The government of West Bengal decided on Saturday to abort the crackdown on three-wheelers with two-stroke engines to protect the environment, as violent protests continued for the second consecutive day in the city.
Even though the decision to stall the process of converting the three-wheelers into CNG-run vehicles was not officially announced, a senior bureaucrat, who did not wish to be named, said there would be no crackdown on Sunday.
On the crackdown on polluting three-wheelers, Chief Minister Budhhadeb Bhattacharjee said, “It was a Calcutta High Court order. What can we do about it? We are equally concerned about the operators. We will appeal before the high court.”
Home Secretary Ardhendu Sen, Transport Secretary Sumantra Choudhury and city police chief Goutam Mohan Chakraborty are likely to meet on Monday to discuss the issue.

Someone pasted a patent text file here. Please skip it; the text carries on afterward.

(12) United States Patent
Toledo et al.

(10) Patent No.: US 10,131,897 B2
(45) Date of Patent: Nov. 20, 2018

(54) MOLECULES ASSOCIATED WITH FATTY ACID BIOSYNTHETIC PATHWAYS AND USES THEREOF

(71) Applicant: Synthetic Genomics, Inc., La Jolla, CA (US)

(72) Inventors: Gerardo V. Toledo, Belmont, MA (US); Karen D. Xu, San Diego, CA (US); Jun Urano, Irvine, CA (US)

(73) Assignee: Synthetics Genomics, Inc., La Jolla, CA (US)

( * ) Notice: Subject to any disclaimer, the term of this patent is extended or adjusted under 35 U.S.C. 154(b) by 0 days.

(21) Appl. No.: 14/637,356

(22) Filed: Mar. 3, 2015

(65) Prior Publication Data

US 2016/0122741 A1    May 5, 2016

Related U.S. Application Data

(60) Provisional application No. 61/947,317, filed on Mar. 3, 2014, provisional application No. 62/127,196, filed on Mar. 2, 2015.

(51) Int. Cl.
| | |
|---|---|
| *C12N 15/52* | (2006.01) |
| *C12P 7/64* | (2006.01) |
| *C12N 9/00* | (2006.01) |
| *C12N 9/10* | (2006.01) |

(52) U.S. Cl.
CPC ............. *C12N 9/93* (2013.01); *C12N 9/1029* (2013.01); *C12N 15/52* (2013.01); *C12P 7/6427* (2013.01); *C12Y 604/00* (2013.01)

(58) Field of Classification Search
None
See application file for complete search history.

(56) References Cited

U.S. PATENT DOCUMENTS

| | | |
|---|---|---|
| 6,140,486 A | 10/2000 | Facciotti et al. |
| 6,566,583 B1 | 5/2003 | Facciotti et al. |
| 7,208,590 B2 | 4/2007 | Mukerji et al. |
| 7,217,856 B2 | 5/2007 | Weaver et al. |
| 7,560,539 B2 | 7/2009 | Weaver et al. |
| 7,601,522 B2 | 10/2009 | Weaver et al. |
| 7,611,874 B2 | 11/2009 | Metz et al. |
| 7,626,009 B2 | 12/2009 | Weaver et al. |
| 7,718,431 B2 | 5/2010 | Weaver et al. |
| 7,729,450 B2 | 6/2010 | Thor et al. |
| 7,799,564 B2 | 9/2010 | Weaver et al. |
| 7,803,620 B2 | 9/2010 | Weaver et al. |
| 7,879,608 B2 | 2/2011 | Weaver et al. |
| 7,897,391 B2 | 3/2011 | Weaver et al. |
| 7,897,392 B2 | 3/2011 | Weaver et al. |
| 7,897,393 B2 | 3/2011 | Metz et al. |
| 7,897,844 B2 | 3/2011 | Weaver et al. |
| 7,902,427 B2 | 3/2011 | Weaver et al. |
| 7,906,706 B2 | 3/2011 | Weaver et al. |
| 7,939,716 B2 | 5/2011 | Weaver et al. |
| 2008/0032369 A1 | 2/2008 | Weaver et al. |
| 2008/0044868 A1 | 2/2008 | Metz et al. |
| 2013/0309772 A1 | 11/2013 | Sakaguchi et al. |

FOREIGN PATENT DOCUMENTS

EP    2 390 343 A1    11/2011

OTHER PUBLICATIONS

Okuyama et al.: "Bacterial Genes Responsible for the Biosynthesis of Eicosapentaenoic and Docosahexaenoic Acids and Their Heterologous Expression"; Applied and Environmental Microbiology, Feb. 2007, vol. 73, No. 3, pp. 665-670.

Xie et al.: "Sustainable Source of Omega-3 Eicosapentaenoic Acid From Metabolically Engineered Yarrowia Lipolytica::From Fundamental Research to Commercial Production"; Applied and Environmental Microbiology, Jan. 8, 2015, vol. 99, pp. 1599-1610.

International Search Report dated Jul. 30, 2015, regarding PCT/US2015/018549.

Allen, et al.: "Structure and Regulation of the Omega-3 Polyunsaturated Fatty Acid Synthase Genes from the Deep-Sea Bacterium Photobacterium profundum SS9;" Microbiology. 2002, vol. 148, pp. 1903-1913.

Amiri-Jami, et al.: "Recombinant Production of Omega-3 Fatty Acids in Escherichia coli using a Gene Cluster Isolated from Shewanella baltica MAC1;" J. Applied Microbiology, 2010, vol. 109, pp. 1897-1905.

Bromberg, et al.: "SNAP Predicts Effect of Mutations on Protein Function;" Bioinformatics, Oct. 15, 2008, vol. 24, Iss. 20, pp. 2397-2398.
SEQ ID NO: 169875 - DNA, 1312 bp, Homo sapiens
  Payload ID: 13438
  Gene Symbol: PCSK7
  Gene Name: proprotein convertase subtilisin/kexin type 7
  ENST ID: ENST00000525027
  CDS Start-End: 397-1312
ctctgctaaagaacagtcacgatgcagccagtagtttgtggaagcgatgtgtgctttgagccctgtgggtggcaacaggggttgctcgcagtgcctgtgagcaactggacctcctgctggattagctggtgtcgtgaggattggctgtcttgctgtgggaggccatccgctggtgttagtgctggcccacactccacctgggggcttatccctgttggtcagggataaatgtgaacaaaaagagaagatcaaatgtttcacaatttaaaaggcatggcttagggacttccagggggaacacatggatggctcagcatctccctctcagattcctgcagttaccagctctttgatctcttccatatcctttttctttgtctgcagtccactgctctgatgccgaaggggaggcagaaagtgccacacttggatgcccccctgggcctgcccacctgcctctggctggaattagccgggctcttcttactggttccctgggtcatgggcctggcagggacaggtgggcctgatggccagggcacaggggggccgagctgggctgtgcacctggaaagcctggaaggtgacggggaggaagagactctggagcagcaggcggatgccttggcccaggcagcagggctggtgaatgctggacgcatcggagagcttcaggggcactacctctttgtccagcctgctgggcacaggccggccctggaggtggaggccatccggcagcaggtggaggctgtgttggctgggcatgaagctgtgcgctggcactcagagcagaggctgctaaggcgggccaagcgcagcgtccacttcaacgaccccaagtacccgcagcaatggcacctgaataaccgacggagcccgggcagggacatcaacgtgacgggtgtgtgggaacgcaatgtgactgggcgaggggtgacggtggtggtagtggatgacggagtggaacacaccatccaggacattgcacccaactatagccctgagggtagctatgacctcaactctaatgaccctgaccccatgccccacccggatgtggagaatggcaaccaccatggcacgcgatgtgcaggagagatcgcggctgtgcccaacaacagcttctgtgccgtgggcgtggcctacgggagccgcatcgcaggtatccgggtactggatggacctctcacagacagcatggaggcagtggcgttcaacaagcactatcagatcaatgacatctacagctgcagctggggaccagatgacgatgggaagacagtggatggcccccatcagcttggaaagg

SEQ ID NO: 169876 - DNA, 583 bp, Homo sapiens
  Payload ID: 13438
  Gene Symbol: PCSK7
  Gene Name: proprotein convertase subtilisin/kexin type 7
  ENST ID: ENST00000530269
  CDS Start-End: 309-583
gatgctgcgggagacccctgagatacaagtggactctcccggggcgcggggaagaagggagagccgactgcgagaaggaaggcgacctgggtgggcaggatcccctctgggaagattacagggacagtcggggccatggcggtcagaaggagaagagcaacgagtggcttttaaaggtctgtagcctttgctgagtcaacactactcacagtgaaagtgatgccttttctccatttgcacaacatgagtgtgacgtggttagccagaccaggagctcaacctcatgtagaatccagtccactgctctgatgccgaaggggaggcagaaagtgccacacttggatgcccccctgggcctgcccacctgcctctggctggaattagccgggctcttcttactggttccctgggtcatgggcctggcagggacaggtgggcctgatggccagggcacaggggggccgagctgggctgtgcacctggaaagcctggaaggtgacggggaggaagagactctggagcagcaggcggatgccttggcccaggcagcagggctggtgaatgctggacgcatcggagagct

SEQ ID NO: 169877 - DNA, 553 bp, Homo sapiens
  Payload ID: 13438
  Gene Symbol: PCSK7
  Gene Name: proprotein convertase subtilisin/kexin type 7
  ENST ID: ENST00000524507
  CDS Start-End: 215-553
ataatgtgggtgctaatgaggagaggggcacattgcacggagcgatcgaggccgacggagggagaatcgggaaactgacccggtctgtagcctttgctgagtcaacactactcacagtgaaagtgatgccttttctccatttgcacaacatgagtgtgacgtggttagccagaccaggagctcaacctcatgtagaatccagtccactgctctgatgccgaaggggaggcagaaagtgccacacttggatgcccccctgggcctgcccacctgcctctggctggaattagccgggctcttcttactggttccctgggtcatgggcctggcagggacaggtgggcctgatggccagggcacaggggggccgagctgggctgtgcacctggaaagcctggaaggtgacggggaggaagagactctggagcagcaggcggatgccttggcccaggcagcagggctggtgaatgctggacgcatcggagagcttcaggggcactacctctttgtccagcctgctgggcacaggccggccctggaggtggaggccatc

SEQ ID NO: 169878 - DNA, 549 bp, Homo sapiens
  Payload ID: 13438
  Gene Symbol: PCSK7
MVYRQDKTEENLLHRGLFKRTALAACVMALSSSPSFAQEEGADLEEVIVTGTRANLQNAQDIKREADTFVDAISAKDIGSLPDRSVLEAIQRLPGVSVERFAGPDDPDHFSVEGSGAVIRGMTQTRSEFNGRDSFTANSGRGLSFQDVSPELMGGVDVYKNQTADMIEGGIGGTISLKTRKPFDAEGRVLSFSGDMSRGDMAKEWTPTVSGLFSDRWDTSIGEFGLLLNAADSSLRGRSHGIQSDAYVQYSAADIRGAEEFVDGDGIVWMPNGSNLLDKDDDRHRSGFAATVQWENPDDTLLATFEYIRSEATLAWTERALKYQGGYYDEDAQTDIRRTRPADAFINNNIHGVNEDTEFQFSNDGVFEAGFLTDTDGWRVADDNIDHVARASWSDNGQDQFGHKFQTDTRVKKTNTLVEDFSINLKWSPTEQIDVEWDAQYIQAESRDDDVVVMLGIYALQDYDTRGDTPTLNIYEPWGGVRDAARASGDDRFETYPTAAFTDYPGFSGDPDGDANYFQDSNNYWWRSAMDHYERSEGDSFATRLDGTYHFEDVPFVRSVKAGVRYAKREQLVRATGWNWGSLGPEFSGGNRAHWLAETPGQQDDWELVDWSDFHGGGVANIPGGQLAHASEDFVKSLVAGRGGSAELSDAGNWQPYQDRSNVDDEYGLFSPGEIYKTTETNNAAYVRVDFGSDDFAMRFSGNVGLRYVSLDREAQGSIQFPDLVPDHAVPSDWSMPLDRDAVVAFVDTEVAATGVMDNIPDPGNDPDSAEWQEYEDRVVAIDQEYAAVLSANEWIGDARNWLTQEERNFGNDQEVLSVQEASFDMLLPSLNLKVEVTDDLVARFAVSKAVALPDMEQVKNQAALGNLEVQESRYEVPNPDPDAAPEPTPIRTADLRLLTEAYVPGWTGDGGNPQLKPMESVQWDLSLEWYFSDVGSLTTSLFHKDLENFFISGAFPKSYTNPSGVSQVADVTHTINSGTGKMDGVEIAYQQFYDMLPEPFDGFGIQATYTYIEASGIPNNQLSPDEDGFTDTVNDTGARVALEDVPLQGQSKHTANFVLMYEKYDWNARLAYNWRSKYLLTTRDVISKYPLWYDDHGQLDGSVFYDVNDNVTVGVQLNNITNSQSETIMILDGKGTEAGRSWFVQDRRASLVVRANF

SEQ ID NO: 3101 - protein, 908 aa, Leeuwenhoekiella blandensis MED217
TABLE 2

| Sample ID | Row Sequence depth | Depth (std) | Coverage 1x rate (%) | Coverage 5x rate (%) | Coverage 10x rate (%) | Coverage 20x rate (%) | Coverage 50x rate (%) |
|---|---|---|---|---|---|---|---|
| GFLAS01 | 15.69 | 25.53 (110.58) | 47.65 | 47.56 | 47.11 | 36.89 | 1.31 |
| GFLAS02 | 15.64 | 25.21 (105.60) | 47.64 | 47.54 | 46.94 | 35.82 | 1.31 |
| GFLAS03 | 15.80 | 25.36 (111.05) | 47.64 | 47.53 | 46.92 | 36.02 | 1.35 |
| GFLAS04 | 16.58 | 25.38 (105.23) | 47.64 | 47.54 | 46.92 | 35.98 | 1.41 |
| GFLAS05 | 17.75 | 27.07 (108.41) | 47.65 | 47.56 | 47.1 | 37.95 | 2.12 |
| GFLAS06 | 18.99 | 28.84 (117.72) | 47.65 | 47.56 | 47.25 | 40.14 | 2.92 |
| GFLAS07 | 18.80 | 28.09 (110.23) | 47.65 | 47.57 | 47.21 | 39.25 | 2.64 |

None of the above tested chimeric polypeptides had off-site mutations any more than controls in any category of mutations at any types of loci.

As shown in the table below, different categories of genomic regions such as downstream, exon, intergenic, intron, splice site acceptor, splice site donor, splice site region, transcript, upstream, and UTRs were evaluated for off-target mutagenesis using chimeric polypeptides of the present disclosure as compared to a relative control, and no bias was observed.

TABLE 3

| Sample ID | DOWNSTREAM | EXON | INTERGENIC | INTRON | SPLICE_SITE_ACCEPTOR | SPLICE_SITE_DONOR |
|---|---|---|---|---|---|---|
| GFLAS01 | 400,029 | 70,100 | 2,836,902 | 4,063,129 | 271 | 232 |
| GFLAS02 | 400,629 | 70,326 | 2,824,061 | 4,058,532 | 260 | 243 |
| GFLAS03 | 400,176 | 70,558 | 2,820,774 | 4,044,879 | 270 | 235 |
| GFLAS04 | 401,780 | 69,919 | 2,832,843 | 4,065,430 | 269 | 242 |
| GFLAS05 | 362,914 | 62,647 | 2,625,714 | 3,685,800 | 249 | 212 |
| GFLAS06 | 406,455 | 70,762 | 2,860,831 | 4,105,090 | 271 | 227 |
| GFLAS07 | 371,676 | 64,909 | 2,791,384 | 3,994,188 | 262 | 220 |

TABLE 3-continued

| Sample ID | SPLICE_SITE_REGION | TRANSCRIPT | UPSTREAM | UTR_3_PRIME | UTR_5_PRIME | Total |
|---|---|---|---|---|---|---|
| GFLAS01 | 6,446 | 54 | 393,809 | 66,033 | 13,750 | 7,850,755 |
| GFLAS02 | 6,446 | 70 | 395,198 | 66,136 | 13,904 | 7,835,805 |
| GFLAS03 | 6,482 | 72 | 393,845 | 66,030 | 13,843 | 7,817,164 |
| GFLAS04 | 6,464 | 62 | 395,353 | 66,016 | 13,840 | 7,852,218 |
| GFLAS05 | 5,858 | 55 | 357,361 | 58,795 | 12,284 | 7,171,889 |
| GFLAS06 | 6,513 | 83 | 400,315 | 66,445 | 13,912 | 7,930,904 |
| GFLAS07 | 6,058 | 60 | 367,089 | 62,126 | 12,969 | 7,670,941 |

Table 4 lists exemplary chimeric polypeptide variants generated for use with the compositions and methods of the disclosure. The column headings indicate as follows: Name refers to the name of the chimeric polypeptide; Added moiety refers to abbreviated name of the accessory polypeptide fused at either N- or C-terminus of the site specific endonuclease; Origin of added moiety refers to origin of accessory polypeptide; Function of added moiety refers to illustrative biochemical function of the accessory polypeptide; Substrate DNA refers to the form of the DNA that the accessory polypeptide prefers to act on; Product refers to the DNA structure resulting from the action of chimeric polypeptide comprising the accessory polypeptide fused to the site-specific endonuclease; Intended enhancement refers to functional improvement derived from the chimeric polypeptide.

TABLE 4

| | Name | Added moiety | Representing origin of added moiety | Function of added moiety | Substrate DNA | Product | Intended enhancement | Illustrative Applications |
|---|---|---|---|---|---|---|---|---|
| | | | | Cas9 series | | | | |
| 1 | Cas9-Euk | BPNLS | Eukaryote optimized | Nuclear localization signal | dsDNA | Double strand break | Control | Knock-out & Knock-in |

On Saturday, the city was brought to a standstill by a 12-hour strike by three-wheeler and taxi operators’ strike and several political rallies and meetings throughout the day. The police, however, failed to seize a single three-wheeler on Saturday.
Different parts of central Kolkata turned into battlefields as three-wheeler operators set fire to three state-owned buses.
Political rallies and meetings by the TMC and the CPI(M) blocked almost all the arterial roads and major crossings.
However, as the strike was observed by the INTTUC, backed by the Trinamul Congress (TMC), thousands of illegal and two-stroke vehicles continued to ply in the city under the CPI(M)-affiliated CITU’s banner.
Police Commissioner Chakraborty said, “Over the past two days, several collateral damages took place. Under these circumstances, we will have to work out some modalities as to how to implement the order in a smooth manner.”